Kavita Saharia, a passionate blogger who writes about North Eastern India, shared this beautiful article on river dolphins from her personal blog.
Happy World Environment Day
This year we planned to celebrate the Environment Day by visiting Kukurmara a very small township at 40 kms west of Guwahati. This place attracts a lot of visitors because the river Kulsi here(one of the tributaries of river Bhramaputra) has the presence of approx 30 odd fresh river Dolphins. Around the world only four species of fresh water Dolphins are found, one of them being in India River Dolphin – Platanista Gagentica Gagenticahave the status of National as well as state aquatic animal of Assam. It is called Xihu (pronounced Khi-hu) in local language. In the year 1996 the IUCN(International Union For Conservation Of Nature) gave them the status of ‘Endangered Species’.
We reached Kukurmara town in about 90 minutes. The picture above shows the way which deviates from the highway and leads toward the peaceful and an isolated spot where the Dolphins are mostly seen. Sand mining, poaching, fishing and the scarcity of food are the constant threat to their numbers. The oil extracted from Xihu is believed to cure Rheumatism.
The road ahead was very narrow. Most of the people living in this area are very poor. As we parked our car in an open field we saw two men standing there. We asked them about the spot, without any question this man (the picture below) named Moni Kalita became our voluntary guide.
and walked some more as the site was nearly half kilometers away. On way i asked him if they killed Xihu for eating, he replied that it is considered bad luck if someone kills this creature. ‘Xihus and we live like good neighbors’, he said.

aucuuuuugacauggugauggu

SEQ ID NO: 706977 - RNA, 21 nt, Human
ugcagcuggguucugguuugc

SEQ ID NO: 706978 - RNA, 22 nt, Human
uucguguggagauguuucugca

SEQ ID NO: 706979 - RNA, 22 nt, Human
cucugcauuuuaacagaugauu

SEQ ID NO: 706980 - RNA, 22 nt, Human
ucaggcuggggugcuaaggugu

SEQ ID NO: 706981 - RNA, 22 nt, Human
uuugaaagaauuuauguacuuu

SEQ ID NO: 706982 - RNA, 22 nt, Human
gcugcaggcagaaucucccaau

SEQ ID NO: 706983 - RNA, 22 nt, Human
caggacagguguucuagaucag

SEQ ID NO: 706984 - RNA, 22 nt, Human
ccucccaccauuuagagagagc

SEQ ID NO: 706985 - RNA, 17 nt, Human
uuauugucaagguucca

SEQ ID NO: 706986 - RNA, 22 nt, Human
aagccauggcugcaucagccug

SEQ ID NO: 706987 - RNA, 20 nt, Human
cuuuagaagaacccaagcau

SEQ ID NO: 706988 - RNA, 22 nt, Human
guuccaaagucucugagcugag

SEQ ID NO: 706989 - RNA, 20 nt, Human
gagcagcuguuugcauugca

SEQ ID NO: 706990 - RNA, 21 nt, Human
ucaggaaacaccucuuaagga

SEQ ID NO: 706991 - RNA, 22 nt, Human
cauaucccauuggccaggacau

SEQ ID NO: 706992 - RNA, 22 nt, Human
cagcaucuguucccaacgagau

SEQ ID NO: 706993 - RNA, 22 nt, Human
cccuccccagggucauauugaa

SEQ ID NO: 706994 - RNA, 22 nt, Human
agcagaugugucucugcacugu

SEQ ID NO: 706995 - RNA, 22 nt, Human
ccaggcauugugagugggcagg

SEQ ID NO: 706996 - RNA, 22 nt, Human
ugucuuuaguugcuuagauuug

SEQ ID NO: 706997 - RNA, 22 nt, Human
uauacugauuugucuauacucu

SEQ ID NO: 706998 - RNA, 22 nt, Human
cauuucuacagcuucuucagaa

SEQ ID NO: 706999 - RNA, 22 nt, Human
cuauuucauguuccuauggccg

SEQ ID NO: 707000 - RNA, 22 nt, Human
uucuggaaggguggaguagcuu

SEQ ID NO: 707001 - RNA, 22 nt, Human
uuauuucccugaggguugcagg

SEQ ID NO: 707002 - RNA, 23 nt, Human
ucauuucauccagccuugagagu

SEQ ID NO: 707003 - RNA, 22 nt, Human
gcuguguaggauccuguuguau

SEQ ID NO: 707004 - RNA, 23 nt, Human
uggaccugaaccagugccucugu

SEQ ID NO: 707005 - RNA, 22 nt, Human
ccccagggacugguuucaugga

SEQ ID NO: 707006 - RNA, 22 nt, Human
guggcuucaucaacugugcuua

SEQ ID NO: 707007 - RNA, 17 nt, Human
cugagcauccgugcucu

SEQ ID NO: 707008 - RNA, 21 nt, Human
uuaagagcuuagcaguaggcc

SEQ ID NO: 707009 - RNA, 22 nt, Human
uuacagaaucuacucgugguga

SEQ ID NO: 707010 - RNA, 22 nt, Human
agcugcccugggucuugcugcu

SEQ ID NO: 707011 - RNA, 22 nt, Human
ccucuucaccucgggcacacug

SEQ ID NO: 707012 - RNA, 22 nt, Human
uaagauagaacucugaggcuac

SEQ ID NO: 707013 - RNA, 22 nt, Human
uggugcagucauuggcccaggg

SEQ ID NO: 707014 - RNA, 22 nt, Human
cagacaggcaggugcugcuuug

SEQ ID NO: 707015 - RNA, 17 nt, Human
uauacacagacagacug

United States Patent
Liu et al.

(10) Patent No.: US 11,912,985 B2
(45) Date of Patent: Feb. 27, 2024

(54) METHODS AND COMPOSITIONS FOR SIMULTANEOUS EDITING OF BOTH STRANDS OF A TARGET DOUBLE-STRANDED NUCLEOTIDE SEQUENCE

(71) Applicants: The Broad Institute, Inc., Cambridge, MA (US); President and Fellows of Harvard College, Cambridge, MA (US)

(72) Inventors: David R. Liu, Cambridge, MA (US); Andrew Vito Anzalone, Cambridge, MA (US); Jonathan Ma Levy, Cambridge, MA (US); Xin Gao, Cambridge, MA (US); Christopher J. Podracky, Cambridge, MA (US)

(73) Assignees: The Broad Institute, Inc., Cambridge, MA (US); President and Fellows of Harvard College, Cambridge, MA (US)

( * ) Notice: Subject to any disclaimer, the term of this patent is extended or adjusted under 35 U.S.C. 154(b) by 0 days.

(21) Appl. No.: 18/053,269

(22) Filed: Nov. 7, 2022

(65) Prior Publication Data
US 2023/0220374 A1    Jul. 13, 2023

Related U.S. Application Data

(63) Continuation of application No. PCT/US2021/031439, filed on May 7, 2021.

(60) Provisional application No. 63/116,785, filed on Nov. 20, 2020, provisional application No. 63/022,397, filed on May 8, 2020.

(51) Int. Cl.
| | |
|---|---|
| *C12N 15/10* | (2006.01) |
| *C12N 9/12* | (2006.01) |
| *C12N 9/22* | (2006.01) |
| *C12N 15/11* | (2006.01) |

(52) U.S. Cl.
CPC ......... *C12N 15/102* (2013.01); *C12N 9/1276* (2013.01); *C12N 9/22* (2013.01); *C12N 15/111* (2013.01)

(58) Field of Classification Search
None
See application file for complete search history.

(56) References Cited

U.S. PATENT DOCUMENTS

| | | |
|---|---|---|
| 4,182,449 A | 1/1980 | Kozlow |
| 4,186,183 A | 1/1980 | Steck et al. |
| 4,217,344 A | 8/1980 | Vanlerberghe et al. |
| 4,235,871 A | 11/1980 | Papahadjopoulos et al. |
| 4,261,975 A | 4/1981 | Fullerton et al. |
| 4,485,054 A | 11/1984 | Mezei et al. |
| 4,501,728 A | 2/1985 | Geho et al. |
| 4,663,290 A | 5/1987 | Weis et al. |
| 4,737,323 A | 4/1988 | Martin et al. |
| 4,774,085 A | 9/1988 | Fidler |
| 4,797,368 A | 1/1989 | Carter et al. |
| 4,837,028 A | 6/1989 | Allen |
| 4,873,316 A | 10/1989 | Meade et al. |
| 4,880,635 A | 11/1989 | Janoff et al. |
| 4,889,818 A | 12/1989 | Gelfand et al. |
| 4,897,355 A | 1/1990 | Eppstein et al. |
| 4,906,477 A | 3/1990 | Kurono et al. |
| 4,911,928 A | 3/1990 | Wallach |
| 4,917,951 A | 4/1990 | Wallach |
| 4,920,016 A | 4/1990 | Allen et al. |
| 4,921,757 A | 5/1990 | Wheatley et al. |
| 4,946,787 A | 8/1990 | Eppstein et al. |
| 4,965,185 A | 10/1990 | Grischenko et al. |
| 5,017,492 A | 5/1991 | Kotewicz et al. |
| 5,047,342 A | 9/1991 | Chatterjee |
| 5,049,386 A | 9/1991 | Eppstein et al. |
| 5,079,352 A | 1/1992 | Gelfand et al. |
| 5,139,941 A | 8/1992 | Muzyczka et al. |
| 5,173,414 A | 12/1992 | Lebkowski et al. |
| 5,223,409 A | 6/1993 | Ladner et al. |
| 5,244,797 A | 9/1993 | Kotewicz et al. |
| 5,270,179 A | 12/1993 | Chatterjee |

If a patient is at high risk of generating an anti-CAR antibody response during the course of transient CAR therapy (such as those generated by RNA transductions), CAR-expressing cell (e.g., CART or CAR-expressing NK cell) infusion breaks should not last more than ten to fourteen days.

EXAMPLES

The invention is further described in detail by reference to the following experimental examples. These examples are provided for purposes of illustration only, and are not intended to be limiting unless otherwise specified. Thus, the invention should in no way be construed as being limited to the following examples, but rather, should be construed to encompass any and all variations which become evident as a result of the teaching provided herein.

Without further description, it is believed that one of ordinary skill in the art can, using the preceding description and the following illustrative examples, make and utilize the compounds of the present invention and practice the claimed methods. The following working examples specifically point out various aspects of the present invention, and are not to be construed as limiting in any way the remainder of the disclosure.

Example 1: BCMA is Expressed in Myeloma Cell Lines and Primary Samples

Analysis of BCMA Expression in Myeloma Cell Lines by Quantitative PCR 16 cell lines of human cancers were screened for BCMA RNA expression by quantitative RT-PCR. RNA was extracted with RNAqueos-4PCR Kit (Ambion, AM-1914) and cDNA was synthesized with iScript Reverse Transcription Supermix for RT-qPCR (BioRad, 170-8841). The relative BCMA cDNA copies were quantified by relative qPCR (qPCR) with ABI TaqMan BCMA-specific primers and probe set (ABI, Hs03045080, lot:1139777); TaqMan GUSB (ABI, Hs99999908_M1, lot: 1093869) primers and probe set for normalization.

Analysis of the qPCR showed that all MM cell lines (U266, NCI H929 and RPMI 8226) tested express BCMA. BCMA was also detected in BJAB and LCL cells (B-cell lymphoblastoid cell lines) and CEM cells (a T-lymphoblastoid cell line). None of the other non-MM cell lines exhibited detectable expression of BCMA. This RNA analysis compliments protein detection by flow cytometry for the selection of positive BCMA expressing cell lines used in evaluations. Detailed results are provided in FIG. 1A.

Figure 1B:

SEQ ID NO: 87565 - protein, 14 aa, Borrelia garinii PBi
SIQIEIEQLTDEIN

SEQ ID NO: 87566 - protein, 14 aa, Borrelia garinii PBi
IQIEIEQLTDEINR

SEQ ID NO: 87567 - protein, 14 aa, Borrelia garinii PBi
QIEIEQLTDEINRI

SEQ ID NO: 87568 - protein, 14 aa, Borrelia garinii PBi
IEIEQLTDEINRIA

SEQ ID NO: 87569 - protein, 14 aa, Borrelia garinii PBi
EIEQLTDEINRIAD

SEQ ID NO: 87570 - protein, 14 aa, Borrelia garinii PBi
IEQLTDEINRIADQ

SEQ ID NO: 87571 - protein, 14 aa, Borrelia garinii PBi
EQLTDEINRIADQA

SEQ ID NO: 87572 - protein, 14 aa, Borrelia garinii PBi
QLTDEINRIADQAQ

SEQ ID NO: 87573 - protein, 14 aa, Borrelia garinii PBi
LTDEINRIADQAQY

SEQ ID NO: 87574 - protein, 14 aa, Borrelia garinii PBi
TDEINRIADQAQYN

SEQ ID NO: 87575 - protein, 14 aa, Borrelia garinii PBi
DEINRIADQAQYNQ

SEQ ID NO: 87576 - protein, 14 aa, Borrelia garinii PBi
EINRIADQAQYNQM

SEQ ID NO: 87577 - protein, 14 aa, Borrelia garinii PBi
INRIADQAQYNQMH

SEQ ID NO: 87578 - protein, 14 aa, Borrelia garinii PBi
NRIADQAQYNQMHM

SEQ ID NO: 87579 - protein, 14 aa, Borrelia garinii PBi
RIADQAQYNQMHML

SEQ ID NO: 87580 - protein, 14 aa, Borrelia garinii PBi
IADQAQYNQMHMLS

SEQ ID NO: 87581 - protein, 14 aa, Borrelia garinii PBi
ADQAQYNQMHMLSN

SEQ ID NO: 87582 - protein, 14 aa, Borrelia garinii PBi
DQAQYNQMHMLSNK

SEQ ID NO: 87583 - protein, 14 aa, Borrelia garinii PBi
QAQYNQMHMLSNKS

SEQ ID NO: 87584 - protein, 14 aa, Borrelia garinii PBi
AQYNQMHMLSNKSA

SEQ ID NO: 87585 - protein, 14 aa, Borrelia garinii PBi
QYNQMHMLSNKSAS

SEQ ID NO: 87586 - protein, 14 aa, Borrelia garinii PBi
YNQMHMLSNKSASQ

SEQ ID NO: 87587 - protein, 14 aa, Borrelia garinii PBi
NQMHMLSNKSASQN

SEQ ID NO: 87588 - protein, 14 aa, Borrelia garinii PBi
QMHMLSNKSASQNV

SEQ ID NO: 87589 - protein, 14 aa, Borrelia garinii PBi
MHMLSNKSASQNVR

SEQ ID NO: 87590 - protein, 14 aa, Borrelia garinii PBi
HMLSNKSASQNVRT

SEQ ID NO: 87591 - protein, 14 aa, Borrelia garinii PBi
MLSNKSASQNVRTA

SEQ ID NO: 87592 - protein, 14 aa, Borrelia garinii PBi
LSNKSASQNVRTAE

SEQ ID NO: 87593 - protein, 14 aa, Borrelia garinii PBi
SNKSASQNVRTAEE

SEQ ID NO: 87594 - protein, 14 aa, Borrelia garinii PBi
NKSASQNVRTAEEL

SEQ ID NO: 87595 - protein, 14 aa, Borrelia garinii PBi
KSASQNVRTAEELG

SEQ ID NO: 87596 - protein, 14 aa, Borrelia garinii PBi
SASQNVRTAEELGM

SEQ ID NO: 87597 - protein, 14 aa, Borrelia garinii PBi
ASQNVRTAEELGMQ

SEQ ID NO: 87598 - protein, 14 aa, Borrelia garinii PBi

He took us to the best spot and within few seconds after we reached we saw our first River Dolphin. After that there was no stopping, it was amazing. The hardest part was to capture them in camera as they are pretty fast, they just disappear in seconds. Moni told us that visitors from around the world come here carrying huge cameras and choose this very spot.
There were some very curious and interested audience – Gauri (daughter), Kaustubh (son) and this girl named Geeta. I could tell that they were having a great time. They asked many questions like what these fish eat and why they jump over the water. Moni explained that these Dolphins jump up to get some air and they eat small fish.
This boat man shouted when he saw the camera in my hands “Baido, mur chobi lobi, magazineot dibi de, mur bor mon zaye” (meaning – Hey Sister, click my picture and give it to some magazine ). I promised that I will try my best.
We sat there for almost two and half hours. We sure felt that we saw more than 30 Xihus(may be there number increased). By that time the group got very friendly with each other. I am glad that we met them as they were so helpful and friendly. Later they refused any tips too. After shaking hands, few hugs and saying thanks to them we moved back to our car.
On our way back we saw this very disturbing sight of ‘Sand Mining’ – one of the main reason threatening these beautiful creatures. To ensure their survival there is a need to take strong protective measures.
Author: Kavita Saharia
Kavita Saharia is a dental surgeon in Guwahati, Assam. She blogs at kavitasaharia-myroom.com/. This article is from her blog.
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